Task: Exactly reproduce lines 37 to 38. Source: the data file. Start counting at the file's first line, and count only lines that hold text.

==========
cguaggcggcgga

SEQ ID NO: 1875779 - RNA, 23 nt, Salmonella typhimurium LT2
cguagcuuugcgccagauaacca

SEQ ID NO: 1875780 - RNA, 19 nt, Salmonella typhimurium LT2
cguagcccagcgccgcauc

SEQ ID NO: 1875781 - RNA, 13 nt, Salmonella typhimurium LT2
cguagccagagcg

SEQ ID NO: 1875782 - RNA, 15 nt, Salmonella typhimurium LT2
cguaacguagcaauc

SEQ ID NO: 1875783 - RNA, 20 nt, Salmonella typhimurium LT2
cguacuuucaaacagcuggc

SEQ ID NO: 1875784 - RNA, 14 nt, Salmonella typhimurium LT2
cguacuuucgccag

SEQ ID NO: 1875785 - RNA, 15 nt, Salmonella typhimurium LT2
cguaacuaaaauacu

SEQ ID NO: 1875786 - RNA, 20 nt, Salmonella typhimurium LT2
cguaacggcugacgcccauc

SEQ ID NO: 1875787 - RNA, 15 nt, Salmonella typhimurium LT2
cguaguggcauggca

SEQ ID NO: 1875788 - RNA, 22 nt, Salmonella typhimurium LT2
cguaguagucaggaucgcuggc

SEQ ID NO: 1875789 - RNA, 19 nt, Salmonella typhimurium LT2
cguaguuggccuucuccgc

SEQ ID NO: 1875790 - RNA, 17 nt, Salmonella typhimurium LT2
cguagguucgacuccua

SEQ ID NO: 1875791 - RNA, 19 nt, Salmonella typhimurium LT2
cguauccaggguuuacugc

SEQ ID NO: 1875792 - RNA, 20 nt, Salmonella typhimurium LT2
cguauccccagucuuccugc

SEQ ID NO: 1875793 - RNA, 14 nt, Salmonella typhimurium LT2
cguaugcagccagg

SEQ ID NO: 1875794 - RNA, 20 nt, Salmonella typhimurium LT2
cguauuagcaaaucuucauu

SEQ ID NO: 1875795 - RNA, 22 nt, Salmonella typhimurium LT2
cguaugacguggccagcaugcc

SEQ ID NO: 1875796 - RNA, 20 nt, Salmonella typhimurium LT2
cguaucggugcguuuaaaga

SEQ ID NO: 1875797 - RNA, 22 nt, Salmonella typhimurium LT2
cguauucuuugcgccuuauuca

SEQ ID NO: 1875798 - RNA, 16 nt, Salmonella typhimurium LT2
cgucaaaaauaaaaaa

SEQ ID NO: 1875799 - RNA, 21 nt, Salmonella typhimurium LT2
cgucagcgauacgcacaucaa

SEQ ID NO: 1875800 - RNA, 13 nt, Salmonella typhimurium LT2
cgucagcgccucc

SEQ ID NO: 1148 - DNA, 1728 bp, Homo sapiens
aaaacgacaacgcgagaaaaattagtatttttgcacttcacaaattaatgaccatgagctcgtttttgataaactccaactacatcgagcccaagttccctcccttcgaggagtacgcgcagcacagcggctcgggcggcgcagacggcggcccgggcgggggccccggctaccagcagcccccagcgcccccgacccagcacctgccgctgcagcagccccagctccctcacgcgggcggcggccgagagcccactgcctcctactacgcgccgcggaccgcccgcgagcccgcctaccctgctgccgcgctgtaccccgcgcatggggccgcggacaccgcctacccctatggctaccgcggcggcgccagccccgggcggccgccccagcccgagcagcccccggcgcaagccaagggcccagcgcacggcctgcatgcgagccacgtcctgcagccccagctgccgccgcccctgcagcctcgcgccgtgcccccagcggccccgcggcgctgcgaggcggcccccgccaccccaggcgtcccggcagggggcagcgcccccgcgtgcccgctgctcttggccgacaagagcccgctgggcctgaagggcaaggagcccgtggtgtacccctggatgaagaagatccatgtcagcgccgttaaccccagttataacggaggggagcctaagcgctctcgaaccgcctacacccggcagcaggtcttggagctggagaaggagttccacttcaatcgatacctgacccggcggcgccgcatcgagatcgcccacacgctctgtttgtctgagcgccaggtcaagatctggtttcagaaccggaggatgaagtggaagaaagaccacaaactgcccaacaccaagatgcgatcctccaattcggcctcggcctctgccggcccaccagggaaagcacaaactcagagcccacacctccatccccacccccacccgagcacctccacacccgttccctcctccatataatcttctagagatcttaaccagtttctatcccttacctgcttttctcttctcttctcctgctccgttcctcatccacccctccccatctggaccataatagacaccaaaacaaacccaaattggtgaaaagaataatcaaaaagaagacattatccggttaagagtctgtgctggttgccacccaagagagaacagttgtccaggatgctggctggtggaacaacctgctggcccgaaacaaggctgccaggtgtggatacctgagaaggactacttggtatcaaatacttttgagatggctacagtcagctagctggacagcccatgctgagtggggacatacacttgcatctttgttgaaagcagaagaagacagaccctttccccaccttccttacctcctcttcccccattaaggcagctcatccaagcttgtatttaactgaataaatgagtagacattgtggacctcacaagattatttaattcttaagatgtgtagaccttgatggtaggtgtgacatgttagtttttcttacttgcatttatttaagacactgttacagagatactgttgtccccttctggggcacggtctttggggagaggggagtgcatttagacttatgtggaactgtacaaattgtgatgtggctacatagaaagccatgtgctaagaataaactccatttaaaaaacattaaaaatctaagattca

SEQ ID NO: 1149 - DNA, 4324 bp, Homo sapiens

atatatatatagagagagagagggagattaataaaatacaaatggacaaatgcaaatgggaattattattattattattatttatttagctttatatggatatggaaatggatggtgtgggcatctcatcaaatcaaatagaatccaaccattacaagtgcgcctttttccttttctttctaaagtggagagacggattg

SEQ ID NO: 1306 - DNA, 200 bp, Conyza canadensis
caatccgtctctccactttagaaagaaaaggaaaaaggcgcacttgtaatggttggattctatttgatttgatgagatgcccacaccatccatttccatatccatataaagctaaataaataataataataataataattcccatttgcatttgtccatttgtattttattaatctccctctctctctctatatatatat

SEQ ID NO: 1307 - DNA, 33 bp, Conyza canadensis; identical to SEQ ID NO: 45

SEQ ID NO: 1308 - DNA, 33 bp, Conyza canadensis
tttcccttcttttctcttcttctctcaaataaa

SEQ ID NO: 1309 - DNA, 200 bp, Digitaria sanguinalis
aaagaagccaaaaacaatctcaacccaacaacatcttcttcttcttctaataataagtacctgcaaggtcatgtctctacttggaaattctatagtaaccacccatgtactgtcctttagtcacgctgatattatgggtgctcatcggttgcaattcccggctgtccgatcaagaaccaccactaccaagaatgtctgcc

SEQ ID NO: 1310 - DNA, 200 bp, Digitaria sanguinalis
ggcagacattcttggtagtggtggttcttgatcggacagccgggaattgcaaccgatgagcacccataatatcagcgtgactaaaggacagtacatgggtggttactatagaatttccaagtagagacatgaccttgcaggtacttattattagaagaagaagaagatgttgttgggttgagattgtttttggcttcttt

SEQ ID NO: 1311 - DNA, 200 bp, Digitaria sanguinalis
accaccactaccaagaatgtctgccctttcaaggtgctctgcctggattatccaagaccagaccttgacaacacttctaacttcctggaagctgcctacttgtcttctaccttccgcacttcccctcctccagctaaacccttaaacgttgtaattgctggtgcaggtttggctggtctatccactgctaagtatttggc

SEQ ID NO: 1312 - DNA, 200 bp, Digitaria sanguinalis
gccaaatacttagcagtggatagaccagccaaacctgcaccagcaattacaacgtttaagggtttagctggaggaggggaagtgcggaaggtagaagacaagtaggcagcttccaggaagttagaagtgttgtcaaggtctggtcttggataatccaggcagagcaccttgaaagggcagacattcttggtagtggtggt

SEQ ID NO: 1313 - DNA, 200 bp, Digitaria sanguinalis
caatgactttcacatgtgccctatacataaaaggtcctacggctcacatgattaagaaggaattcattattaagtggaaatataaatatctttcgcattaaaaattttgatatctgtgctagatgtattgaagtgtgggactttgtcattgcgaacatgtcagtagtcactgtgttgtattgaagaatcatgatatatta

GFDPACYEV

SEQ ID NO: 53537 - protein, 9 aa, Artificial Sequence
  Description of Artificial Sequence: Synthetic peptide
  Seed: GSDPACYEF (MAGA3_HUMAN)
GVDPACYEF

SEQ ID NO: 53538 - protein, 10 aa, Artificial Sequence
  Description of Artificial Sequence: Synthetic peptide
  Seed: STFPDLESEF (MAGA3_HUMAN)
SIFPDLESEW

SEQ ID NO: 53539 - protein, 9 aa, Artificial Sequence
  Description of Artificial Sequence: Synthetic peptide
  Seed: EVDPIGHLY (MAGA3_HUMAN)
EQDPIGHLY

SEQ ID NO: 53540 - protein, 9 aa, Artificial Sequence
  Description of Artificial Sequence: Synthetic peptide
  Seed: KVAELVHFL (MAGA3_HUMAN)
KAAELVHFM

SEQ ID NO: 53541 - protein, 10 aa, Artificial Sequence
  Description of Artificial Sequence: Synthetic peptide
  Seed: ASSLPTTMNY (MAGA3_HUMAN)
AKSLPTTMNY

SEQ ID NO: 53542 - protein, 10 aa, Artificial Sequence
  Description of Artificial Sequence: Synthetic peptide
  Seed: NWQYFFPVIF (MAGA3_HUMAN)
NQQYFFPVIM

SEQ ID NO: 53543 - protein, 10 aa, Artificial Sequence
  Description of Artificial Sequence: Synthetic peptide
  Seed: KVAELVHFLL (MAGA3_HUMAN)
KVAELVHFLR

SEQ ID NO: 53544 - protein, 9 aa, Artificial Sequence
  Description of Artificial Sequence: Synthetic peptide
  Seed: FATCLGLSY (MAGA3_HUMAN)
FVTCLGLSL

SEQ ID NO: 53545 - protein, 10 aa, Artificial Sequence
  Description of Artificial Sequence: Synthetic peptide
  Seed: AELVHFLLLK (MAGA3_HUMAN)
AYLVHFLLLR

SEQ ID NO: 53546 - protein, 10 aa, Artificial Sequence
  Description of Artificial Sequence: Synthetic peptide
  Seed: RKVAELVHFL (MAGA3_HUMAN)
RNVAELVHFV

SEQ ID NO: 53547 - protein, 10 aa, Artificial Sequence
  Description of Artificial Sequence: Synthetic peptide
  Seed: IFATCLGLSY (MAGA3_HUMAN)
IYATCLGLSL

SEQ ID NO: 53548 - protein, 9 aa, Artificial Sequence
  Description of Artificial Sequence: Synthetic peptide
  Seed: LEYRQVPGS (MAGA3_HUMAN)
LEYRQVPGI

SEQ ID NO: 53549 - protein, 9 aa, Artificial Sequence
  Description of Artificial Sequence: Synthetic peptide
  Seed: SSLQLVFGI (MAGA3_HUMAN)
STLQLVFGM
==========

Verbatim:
cguaucggugcguuuaaaga

SEQ ID NO: 1875797 - RNA, 22 nt, Salmonella typhimurium LT2